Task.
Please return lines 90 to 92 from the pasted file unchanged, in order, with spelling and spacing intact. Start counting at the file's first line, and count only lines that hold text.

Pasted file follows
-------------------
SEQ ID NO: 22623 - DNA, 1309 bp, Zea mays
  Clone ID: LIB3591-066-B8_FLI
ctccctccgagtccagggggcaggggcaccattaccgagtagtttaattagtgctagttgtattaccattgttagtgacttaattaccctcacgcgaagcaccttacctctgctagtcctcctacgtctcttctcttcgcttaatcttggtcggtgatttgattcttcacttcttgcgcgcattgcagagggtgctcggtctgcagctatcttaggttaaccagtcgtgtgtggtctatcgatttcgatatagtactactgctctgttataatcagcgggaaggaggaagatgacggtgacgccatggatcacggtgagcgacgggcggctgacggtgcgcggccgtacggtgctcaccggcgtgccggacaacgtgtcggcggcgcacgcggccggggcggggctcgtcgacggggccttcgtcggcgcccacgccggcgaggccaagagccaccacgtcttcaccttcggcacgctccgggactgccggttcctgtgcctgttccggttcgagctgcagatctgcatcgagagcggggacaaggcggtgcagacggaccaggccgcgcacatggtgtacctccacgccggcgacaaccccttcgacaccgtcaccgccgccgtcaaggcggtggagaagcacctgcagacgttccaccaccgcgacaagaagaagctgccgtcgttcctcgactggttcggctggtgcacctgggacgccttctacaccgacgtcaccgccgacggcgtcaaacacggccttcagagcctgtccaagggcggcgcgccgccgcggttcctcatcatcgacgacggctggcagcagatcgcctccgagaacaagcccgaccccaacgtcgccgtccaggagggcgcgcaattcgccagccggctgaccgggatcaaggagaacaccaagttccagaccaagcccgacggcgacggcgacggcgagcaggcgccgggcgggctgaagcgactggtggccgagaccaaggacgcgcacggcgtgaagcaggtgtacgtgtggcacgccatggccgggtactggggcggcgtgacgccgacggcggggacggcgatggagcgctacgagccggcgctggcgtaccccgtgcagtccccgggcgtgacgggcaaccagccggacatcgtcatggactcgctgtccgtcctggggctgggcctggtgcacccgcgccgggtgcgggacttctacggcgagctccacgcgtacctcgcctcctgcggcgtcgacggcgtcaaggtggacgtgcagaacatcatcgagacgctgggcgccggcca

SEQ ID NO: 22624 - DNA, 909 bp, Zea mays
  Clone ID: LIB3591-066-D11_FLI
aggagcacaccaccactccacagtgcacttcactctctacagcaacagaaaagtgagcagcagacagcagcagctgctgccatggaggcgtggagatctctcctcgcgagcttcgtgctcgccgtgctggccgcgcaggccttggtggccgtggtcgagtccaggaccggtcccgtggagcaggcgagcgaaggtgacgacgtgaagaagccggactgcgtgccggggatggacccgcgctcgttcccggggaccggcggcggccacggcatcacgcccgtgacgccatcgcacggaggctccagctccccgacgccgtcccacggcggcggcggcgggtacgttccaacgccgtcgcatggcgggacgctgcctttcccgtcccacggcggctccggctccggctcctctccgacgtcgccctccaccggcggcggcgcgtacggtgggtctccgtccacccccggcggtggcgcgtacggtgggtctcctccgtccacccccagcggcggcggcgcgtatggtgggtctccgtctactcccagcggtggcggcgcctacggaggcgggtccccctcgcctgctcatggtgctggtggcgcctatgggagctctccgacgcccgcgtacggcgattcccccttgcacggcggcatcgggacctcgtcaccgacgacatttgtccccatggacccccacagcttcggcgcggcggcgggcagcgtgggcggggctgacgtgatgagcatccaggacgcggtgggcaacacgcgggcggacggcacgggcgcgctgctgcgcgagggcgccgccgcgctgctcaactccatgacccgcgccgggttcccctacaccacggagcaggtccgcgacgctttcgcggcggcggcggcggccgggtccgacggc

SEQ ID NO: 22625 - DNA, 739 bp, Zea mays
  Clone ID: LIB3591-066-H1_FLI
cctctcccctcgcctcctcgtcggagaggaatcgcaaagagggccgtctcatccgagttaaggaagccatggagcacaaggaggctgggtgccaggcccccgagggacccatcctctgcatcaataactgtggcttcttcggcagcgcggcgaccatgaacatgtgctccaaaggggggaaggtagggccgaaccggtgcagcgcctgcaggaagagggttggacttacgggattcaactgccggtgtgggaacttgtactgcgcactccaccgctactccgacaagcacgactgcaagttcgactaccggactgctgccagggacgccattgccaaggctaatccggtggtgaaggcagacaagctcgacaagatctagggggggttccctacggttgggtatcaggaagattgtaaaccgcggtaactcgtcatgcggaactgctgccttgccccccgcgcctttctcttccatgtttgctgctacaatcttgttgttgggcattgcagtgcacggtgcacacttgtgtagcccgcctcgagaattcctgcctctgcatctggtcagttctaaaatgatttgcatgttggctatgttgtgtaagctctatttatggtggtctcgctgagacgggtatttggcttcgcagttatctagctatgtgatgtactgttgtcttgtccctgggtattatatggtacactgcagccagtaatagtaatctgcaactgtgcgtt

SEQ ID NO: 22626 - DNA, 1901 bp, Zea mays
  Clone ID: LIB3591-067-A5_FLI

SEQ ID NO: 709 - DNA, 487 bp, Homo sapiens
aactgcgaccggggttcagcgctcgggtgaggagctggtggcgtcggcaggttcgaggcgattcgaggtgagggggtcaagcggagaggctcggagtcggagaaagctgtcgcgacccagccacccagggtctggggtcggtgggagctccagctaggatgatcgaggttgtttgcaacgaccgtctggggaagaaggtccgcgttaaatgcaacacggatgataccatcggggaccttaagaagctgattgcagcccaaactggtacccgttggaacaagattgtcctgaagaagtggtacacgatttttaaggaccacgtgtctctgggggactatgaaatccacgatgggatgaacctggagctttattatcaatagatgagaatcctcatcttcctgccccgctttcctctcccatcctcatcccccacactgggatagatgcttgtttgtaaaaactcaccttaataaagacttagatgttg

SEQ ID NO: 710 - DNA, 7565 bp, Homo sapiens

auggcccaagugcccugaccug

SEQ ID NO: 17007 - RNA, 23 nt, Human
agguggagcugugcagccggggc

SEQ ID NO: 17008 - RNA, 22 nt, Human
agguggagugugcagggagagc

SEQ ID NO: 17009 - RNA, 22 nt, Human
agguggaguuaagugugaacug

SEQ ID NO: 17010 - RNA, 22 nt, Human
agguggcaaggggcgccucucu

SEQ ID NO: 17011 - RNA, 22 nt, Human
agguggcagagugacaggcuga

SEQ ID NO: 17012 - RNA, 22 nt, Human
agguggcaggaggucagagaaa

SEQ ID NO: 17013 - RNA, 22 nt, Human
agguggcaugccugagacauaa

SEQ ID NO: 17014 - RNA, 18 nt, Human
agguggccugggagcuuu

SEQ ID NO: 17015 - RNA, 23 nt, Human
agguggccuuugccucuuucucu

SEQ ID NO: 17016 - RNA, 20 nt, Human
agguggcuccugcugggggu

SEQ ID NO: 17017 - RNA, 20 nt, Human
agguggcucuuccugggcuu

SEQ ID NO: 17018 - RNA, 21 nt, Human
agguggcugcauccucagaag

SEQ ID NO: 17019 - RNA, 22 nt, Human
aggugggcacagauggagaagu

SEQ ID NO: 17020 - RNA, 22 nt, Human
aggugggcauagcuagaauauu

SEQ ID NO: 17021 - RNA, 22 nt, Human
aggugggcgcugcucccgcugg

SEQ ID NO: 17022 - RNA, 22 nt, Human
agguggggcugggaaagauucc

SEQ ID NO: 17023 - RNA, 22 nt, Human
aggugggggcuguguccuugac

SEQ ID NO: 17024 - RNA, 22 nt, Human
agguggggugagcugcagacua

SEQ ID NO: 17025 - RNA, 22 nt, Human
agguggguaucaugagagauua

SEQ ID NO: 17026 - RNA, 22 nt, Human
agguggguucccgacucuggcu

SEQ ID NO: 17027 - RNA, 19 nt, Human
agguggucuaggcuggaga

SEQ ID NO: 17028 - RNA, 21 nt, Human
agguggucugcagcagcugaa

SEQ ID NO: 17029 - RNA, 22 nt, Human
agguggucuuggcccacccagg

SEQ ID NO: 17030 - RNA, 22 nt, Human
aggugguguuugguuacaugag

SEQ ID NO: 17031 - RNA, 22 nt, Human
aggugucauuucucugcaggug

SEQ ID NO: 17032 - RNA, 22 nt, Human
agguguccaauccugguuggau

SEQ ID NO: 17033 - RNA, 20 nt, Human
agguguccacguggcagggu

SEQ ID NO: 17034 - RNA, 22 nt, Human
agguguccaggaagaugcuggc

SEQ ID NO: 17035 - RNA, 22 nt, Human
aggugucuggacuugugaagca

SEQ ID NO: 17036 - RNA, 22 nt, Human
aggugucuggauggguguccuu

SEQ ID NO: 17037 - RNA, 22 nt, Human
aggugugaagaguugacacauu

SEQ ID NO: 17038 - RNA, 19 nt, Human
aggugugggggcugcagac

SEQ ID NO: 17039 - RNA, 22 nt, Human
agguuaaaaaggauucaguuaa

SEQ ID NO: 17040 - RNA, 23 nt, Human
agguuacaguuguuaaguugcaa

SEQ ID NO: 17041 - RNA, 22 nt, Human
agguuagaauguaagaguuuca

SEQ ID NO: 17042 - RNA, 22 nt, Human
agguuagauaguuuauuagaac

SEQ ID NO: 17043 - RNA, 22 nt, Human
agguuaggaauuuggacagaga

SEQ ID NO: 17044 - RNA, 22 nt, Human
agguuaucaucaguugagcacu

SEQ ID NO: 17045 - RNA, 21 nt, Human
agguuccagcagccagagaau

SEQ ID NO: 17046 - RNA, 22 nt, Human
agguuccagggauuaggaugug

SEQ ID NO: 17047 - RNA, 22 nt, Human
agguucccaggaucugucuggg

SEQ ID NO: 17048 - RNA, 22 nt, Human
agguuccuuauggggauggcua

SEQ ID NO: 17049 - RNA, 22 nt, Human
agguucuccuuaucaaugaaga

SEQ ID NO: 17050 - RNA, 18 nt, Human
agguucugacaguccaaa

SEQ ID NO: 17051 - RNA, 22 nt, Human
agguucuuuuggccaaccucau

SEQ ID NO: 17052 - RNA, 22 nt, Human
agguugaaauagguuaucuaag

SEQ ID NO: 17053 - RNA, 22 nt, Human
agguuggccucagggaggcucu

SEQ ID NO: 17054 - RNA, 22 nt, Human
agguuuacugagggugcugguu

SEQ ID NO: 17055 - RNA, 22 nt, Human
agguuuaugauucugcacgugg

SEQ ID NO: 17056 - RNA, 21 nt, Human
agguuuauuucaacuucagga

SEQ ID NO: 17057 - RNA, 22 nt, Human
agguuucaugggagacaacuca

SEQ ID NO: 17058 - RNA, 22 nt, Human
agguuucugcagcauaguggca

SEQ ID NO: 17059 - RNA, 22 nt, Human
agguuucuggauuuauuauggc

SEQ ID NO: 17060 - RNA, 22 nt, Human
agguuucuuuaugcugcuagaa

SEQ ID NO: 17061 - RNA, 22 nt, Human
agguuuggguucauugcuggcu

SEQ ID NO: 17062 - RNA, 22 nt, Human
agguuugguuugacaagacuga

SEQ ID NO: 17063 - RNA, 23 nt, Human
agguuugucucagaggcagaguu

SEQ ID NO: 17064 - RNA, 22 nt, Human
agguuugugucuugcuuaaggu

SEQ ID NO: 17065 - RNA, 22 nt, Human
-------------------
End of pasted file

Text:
SEQ ID NO: 17044 - RNA, 22 nt, Human
agguuaucaucaguugagcacu

SEQ ID NO: 17045 - RNA, 21 nt, Human